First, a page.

- Dexamethasone (e.g. Decadron, Soldesam): dexamethasone, thanks to its anti-haemorrhagic effect, is indicated for blocking haemorrhages caused by thrombocytopenia. Indicatively, take the drug at a dose of 40 mg/day for 4 days. Continue with 28 days of suspension and repeat the cycle, respecting the instructions prescribed by the doctor.
- Cortisone (e.g. Cortis Acet, Cortone): for the treatment of idiopathic (immune) thrombocytopenia, it is recommended to take 25-300 mg of the drug per day, orally or intramuscularly, dividing the load into one or two doses.
- Triamcinolone (e.g. Kenacort, Triamvirgi, Aftab): indicated for idiopathic thrombocytopenia at a dose of 16-60 mg per day.
The duration of corticosteroid therapy varies from 5 to 6 months. If the amount of corticosteroids required by the body is high, splenectomy may be considered, to escape the side effects that long-term therapy with steroid drugs would cause.
- Miglucerase (e.g. Cerezyme): this is a drug indicated for enzymatic therapy, where thrombocytopenia is a characteristic symptom of important pathologies such as Gaucher syndrome. It is not possible to report an indicative dosage, given that the precise dosage must be personalized based on the patient. In any case, the drug is available in concentrated powder (solution for infusion): it seems that some patients respond positively by taking 2.5 units/kg, three times a week, up to a maximum of 60U/kg once every 2 weeks . The duration of the IV injection is 1-2 hours. The dosage must be personalized for each patient.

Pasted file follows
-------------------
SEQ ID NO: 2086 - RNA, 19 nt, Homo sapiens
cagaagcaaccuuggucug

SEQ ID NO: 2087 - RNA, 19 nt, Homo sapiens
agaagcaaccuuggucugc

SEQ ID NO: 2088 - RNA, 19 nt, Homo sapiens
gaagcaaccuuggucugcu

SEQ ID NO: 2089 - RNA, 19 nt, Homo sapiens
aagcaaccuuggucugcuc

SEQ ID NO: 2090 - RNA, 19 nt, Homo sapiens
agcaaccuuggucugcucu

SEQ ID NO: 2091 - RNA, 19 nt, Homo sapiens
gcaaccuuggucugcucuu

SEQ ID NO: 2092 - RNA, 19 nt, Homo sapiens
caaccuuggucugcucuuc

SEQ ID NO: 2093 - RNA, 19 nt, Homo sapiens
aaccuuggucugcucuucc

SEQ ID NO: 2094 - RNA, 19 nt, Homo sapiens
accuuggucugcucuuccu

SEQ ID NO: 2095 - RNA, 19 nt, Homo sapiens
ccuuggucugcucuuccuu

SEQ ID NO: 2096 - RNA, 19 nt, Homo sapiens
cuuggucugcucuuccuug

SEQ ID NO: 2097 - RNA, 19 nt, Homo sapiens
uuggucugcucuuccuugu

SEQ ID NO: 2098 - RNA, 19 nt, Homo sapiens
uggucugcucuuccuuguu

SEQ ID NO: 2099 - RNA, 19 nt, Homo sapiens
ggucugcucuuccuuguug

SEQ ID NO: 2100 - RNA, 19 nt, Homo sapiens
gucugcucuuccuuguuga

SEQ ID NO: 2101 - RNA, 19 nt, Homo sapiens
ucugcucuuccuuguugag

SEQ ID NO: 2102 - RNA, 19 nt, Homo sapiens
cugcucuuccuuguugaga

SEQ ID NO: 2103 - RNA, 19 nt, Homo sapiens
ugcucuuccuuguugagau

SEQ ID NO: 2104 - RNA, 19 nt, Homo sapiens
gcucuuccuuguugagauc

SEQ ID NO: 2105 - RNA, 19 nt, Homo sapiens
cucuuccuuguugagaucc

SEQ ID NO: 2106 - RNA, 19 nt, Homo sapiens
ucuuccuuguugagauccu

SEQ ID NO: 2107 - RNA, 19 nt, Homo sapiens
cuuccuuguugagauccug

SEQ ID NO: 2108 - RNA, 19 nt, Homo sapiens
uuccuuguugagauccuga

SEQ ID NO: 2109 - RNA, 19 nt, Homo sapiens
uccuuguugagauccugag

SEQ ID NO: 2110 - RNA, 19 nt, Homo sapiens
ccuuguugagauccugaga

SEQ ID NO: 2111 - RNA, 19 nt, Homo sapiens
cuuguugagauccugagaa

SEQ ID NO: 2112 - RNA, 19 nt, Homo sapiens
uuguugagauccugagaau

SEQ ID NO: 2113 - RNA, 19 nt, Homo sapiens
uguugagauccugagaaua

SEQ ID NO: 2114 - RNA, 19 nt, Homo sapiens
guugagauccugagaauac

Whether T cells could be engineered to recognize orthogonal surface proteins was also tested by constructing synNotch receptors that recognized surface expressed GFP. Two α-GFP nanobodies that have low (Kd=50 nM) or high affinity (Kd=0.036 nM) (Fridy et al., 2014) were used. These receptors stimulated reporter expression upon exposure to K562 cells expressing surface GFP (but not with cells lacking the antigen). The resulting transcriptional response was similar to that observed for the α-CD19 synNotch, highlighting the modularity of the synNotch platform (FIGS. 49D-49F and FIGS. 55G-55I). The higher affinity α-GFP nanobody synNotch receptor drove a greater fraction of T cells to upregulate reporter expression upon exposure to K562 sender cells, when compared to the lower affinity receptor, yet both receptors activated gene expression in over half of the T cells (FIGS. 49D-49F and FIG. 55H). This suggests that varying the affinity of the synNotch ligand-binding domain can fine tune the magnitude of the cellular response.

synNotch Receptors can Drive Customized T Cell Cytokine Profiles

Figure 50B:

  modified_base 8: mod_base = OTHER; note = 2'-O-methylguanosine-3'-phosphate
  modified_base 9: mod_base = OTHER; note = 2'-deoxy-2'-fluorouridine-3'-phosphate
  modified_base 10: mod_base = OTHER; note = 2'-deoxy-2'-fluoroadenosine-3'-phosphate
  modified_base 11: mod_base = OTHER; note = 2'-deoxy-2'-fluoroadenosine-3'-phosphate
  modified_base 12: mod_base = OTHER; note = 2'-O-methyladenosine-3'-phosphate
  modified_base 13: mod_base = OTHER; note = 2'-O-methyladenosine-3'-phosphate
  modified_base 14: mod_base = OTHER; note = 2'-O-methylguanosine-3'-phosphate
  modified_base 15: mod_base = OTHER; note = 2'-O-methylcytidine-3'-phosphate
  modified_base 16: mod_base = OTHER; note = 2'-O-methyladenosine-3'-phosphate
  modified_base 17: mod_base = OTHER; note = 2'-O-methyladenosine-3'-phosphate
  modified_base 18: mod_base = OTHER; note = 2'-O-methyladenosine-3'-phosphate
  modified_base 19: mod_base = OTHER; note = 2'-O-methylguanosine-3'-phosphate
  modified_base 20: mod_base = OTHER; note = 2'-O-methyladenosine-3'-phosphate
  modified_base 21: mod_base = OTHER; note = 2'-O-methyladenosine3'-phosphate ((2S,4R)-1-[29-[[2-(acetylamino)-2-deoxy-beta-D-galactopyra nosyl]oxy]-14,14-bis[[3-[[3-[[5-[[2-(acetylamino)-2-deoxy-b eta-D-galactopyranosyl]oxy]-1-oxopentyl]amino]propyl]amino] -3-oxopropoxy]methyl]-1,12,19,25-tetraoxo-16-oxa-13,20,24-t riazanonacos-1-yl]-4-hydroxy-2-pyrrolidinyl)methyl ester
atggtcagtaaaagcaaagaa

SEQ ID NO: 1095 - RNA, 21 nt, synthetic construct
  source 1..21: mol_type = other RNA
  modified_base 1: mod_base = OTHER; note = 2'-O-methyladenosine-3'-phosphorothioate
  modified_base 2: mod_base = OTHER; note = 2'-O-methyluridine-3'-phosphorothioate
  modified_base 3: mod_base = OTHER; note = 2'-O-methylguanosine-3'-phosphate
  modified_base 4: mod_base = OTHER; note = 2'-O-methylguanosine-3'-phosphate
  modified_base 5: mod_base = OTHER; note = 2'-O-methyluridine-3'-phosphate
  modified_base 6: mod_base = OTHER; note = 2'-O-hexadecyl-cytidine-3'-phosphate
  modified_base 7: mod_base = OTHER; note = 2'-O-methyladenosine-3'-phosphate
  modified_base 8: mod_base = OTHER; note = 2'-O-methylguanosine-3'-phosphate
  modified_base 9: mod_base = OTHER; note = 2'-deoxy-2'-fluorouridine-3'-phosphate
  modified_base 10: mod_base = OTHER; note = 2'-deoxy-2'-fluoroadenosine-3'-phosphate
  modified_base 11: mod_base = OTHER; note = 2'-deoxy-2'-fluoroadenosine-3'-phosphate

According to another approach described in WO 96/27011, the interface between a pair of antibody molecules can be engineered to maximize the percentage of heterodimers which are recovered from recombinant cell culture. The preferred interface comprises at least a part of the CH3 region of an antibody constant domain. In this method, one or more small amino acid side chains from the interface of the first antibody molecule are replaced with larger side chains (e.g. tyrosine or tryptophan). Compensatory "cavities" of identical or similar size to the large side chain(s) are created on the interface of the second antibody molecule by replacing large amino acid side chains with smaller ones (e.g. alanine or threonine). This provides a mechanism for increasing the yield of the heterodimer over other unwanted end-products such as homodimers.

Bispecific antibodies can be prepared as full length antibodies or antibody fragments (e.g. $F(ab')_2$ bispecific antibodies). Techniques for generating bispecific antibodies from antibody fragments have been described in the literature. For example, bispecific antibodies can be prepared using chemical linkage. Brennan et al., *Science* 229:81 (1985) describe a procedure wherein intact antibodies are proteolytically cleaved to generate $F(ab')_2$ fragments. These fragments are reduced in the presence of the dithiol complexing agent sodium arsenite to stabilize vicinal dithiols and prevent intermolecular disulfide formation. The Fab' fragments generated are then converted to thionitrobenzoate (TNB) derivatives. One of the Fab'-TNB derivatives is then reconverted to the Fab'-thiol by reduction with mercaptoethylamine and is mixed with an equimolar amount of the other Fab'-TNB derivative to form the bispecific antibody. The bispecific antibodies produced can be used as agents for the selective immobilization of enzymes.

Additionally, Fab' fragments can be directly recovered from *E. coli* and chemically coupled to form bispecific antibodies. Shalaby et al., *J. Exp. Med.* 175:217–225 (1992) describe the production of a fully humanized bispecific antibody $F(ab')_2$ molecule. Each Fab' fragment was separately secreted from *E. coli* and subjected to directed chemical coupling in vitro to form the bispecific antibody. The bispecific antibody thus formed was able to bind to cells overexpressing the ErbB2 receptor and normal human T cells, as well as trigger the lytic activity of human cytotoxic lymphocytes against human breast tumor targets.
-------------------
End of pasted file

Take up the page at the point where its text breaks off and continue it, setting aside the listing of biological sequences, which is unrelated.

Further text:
Administration of immunoglobulins at high dosage (in case of lack of response to cortisone)
- Gammaglobulins: immunoglobulins to be administered in high doses (for severe forms of thrombocytopenia). The drug exerts its therapeutic activity by slowing down the process of destruction of platelets. For dosage, consult your doctor.
- Anti-Rh immunoglobulins: the administration of these drugs is indicated for patients suffering from refractory thrombocytopenia; occurs at an indicative dose of 10-30 mcg/kg per day, for 1-3 consecutive days. This treatment is indicated almost exclusively for Rh positive patients
- Azathioprine (e.g. Azatiopirina, Immunoprin): immunosuppressant drug for the immune system, indicated in the treatment of thrombocytopenia to reduce the administration of steroids, whose long-term side effects could be quite important; indicatively, take azathioprine at a dose of 100 mg per day for 30 days, subsequently followed by 50 mg/day. It is observed that patients treated with this drug react positively in 60% of cases. The drug, if taken at the doses indicated by the doctor, does not cause significant side effects.
- Cyclophosphamide (e.g. Endoxan Baxter, bottle or tablets): is an alkylating and immunosuppressive agent also used in therapy for the treatment of autoimmune thrombocytopenia. The indicative dose involves taking the active ingredient at a dose of 50 mg per day; boluses of 800-1000 mg IV/3 weeks.
- Ciclosporin (e.g. Sandimmun Neoral): second-line drug for the treatment of immunological thrombocytopenias. It is recommended to take 3mg/kg of drug per day; the effectiveness of this drug is still doubtful.
- Rituximab (e.g. MabThera): is a monoclonal antibody used in therapy for the treatment of immunological thrombocytopenia. For dosage: consult your doctor.
- Eltrombopag (e.g. Revolade): the drug is indicated for the treatment of autoimmune thrombocytopenic purpura, a variant of thrombocytopenia in which the lack of thrombocytes is due to peripheral destruction of the same. Eltrombopag is an agonist of thrombopoietin receptors, a drug that promotes the formation of platelets: in other words, the drug increases the possibility of increasing the platelet count by reducing the risk of bleeding.